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Med Phys. 2009 Nov;36(11):5162-74.

Fast Monte Carlo simulation on a voxelized human phantom deformed to a patient.

Author information

1
E.T.S.I. Industriales, Universidad de Castilla-La Mancha, Avenida Camilo José Cela s/n, E-13071 Ciudad Real, Spain. gloria.bueno@uclm.es

Abstract

PURPOSE:

A method for performing fast simulations of absorbed dose using a patient's computerized tomography (CT) scan without explicitly relying on a calibration curve is presented.

METHODS:

The method is based on geometrical deformations performed on a standard voxelized human phantom. This involves spatially transforming the human phantom to align it with the patient CT image. Since the chemical composition and density of each voxel are given in the phantom data, a calibration curve is not used in the proposed method. For this study, the Monte Carlo (MC) code PENELOPE has been used as the simulation of reference. The results obtained with PENELOPE simulations are compared to those obtained with PENFAST and with the collapsed cone convolution algorithm implemented in a commercial treatment planning system.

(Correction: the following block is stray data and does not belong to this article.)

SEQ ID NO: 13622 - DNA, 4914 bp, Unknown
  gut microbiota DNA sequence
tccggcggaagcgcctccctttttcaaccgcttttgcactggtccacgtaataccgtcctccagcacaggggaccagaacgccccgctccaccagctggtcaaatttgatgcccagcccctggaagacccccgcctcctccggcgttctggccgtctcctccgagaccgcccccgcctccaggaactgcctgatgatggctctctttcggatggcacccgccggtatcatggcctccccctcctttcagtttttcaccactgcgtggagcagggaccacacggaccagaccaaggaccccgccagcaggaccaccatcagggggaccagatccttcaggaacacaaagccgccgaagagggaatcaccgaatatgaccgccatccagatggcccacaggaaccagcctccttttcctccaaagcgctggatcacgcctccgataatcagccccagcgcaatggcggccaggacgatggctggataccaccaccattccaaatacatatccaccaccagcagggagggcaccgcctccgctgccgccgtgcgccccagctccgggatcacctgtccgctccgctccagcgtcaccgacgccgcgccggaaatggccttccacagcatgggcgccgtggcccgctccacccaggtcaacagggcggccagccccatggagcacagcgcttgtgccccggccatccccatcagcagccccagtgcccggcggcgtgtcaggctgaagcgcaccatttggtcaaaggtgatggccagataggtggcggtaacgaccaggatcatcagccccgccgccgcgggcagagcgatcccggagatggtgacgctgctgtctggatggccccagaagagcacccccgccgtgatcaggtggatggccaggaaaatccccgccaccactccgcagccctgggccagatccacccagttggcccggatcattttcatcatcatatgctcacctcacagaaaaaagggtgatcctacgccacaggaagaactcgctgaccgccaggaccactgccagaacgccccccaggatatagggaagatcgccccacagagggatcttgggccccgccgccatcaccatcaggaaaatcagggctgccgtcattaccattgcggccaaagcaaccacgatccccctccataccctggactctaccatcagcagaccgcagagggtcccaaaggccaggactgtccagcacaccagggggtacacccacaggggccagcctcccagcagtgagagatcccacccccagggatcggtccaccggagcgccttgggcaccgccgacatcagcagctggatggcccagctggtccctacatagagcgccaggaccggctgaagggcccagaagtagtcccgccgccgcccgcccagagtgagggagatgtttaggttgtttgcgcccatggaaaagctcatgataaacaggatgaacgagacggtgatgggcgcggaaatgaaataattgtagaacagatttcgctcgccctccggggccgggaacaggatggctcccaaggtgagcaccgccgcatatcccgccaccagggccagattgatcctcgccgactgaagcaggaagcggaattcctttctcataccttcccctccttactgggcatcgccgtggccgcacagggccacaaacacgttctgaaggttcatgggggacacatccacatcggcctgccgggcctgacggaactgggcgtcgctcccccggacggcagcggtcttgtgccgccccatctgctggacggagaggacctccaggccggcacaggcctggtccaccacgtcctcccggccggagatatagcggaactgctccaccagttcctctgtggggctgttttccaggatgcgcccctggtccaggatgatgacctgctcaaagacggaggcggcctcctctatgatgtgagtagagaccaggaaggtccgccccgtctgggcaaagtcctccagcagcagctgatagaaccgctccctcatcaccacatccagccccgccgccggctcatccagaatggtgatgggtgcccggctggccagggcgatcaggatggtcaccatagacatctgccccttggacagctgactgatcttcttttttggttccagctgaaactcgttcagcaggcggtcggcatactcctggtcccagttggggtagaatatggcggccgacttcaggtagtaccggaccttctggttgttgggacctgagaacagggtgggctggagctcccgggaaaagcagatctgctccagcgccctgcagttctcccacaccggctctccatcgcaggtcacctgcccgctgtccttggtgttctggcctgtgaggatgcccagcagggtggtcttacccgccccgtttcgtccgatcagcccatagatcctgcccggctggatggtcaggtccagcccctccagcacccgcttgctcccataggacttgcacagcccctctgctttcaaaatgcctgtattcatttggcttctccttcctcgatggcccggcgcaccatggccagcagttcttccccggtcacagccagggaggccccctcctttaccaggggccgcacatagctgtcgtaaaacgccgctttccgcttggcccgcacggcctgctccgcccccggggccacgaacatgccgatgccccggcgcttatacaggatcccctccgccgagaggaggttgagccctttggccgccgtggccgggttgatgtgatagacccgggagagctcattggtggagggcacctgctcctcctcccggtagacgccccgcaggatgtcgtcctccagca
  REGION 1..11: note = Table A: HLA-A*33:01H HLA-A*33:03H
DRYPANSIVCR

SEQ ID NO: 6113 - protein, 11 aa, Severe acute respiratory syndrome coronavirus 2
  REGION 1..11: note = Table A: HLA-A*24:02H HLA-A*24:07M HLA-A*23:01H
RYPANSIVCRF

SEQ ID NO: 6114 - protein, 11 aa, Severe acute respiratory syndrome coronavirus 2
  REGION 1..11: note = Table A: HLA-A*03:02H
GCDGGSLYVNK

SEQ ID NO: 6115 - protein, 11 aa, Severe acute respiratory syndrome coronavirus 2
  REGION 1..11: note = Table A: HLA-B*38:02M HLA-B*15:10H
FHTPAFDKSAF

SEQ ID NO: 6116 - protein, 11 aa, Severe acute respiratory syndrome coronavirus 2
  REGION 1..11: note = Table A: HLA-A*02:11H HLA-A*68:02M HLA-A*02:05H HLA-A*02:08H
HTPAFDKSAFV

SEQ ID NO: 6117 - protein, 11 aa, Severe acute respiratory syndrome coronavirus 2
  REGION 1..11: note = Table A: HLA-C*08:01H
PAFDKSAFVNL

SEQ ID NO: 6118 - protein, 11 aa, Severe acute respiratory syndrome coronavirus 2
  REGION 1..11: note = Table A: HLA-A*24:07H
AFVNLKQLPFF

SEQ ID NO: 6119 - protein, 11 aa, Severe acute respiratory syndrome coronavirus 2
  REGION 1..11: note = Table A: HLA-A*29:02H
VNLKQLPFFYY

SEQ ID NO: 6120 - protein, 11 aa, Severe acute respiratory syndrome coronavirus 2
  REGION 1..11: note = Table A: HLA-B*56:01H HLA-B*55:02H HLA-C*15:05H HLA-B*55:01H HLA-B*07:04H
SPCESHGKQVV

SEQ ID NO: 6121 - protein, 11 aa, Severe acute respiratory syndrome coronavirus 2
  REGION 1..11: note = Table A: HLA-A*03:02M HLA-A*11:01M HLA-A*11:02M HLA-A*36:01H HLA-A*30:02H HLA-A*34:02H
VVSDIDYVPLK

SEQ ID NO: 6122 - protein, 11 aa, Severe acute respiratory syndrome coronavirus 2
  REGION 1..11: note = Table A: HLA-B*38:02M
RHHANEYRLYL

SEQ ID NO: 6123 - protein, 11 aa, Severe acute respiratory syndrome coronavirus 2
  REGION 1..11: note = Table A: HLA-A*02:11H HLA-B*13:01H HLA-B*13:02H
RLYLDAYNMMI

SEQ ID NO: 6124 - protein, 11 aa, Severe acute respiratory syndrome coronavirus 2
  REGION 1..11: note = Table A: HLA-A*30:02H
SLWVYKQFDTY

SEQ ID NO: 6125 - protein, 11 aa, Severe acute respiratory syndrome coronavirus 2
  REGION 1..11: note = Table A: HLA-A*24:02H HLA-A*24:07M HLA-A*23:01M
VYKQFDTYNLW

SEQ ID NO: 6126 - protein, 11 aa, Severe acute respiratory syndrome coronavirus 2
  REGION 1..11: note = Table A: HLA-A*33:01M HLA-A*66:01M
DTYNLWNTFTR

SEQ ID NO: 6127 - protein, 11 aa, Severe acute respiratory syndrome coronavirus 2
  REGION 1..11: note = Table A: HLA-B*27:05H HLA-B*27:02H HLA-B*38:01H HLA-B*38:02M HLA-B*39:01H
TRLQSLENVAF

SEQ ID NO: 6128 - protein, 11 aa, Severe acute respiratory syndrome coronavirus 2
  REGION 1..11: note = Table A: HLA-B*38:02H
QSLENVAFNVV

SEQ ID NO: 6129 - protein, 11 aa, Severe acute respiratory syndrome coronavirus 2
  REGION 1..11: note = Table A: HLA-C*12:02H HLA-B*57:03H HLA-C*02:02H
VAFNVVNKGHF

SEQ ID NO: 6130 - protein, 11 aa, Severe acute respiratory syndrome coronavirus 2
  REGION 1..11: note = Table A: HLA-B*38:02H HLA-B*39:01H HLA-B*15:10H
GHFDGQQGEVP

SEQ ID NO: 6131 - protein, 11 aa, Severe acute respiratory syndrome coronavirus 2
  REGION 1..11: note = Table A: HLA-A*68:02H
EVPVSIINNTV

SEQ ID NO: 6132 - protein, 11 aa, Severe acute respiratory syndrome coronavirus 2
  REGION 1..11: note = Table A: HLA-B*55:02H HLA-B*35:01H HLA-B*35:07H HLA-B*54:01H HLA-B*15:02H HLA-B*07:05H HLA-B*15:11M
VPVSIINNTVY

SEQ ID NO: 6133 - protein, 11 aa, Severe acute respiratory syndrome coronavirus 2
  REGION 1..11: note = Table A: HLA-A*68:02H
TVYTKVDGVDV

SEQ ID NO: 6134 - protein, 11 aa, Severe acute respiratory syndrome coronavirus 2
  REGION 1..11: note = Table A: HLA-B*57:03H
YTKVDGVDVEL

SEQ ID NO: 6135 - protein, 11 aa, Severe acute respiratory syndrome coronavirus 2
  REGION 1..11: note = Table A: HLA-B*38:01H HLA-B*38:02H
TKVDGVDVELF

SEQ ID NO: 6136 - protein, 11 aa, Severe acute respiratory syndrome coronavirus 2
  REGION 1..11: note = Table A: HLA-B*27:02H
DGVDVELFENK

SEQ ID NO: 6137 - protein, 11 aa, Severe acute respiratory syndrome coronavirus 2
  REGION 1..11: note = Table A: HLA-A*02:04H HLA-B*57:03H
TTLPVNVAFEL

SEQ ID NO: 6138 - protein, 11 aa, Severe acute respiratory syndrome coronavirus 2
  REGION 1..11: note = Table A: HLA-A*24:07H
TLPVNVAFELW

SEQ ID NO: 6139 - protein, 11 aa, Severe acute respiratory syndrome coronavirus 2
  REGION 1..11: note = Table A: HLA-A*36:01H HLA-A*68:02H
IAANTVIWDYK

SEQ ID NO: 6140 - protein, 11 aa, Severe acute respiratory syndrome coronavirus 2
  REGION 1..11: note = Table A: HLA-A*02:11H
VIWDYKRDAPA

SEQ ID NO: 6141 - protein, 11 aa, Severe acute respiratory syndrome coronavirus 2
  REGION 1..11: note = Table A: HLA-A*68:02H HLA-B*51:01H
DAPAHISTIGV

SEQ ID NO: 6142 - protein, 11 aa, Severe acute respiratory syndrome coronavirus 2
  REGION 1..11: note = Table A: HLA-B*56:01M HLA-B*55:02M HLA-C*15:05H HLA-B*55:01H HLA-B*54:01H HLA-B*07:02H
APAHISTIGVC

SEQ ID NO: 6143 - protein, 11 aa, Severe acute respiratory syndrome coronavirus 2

RESULTS:

The comparisons of the absorbed doses calculated with the different algorithms on two patient CTs and the corresponding deformed phantoms show a maximum distance to agreement of 2 mm, and in general, the obtained absorbed dose distributions are compatible within the reached statistical uncertainty. The validity of the deformation method for a broad range of patients is shown using MC simulations in random density phantoms. A PENFAST simulation of a 6 MV photon beam impinging on a patient CT reaches 2% statistical uncertainty in the absorbed dose, in a 0.1 cm3 voxel along the central axis, in 10 min running on a single core of a 2.8 GHz CPU.

CONCLUSIONS:

The proposed method of the absorbed dose calculation in a deformed voxelized phantom allows for dosimetric studies in the geometry of a patient CT scan. This is due to the fact that the chemical composition and material density of the phantom are known. Furthermore, simulation using the phantom geometry can provide dosimetric information for each organ. The method can be used for quality assurance procedures. In relation to PENFAST, it is shown that a purely condensed-history algorithm (class I) can be used for absorbed dose estimation in patient CTs.

PMID:
19994526
PMCID:
PMC2774349
DOI:
10.1118/1.3245877
[Indexed for MEDLINE]
Free PMC Article

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